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Unformatted text preview: Chief Works Early on, Brooks displayed a finely tuned, yet accessible poetic vision. A favorite, "The Mother" (1945), looks into the mind of a woman troubled by repressed grief for aborted non-babies. Composed in somewhat artificial rhymed couplets, the text breaks into a liberating candor with the emergence of "I" in the second stanza. As though suffering wavelike contractions, the speaker moves to confession in line 21. With a late-developing reverence for life, the speaker acknowledges through repetition a regret that her lost children "were never made." A lyric sequence, The Womanhood (1949), draws on structured questions about motherhood. The second stave, "The Children of the Poor," uses the fourteen-line Petrarchan stanza to frame questions of legacy. Implicit in a cry against judgments of "my sweetest lepers" is the mother's self- blame for giving birth to children condemned as "quasi, contraband." Out of kilter is the coming of blame for giving birth to children condemned as "quasi, contraband....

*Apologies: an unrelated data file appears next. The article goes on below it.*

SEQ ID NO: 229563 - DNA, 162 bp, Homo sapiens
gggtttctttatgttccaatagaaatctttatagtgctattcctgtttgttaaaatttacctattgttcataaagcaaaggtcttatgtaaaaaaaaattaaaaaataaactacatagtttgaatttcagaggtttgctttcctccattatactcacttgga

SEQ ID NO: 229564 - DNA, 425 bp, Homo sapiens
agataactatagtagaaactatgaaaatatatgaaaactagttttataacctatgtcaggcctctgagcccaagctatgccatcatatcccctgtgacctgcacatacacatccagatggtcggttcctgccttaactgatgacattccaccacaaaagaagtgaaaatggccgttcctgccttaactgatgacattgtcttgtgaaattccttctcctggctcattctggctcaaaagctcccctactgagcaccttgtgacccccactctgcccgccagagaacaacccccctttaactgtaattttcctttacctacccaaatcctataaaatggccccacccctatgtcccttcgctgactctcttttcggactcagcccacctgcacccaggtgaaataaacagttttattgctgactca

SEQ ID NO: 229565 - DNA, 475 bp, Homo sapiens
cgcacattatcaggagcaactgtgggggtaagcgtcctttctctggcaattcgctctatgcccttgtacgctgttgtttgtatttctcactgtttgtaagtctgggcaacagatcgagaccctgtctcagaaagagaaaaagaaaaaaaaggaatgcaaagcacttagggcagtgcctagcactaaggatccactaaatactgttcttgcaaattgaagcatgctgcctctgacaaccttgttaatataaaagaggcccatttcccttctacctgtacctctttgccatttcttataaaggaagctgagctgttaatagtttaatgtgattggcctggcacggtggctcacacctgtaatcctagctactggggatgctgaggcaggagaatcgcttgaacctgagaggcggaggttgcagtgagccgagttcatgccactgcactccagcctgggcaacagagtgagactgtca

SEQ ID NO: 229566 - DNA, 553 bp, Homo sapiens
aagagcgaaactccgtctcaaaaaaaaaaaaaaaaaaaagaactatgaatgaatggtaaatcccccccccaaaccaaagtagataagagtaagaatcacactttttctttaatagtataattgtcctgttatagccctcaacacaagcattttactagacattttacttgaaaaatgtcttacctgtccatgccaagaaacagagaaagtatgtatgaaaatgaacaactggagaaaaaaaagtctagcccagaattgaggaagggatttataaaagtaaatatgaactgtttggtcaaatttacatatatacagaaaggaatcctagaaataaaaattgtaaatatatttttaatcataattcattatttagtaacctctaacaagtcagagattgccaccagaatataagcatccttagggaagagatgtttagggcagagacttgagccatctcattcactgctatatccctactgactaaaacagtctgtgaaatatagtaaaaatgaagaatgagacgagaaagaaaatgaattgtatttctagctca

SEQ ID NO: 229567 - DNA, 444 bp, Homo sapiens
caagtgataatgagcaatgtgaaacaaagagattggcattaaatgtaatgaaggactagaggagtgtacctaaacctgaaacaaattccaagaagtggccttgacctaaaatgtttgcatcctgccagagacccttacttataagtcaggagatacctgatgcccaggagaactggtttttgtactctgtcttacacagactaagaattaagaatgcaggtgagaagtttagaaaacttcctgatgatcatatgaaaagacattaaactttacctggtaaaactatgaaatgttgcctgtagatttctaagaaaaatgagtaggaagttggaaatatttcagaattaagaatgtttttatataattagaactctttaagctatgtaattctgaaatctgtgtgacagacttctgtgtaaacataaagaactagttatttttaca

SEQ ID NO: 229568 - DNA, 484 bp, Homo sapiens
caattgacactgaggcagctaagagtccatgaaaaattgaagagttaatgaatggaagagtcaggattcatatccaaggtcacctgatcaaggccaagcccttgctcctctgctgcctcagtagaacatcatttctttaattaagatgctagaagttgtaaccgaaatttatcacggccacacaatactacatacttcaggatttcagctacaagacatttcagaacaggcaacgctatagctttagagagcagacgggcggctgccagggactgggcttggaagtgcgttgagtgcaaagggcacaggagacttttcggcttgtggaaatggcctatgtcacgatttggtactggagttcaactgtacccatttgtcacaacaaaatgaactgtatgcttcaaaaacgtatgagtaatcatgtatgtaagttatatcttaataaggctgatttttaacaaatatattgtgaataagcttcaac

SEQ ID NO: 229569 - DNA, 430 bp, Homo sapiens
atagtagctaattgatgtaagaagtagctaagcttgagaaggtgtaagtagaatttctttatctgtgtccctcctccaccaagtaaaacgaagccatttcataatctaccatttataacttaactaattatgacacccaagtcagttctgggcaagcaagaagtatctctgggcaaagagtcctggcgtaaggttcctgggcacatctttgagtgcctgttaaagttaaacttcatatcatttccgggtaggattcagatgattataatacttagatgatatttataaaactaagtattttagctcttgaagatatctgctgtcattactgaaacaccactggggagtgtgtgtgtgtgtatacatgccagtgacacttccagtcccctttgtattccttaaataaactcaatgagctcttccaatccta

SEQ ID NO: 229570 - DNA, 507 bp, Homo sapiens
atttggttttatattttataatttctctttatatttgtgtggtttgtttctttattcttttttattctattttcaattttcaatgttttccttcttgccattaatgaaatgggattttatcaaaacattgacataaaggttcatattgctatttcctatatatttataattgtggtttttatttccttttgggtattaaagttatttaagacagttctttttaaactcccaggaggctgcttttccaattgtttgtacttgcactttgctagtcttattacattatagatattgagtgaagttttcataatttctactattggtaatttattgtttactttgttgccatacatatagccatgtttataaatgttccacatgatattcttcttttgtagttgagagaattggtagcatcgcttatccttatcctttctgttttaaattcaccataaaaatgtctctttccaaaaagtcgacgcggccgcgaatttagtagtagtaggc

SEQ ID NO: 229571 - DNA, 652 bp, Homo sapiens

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- Fall '08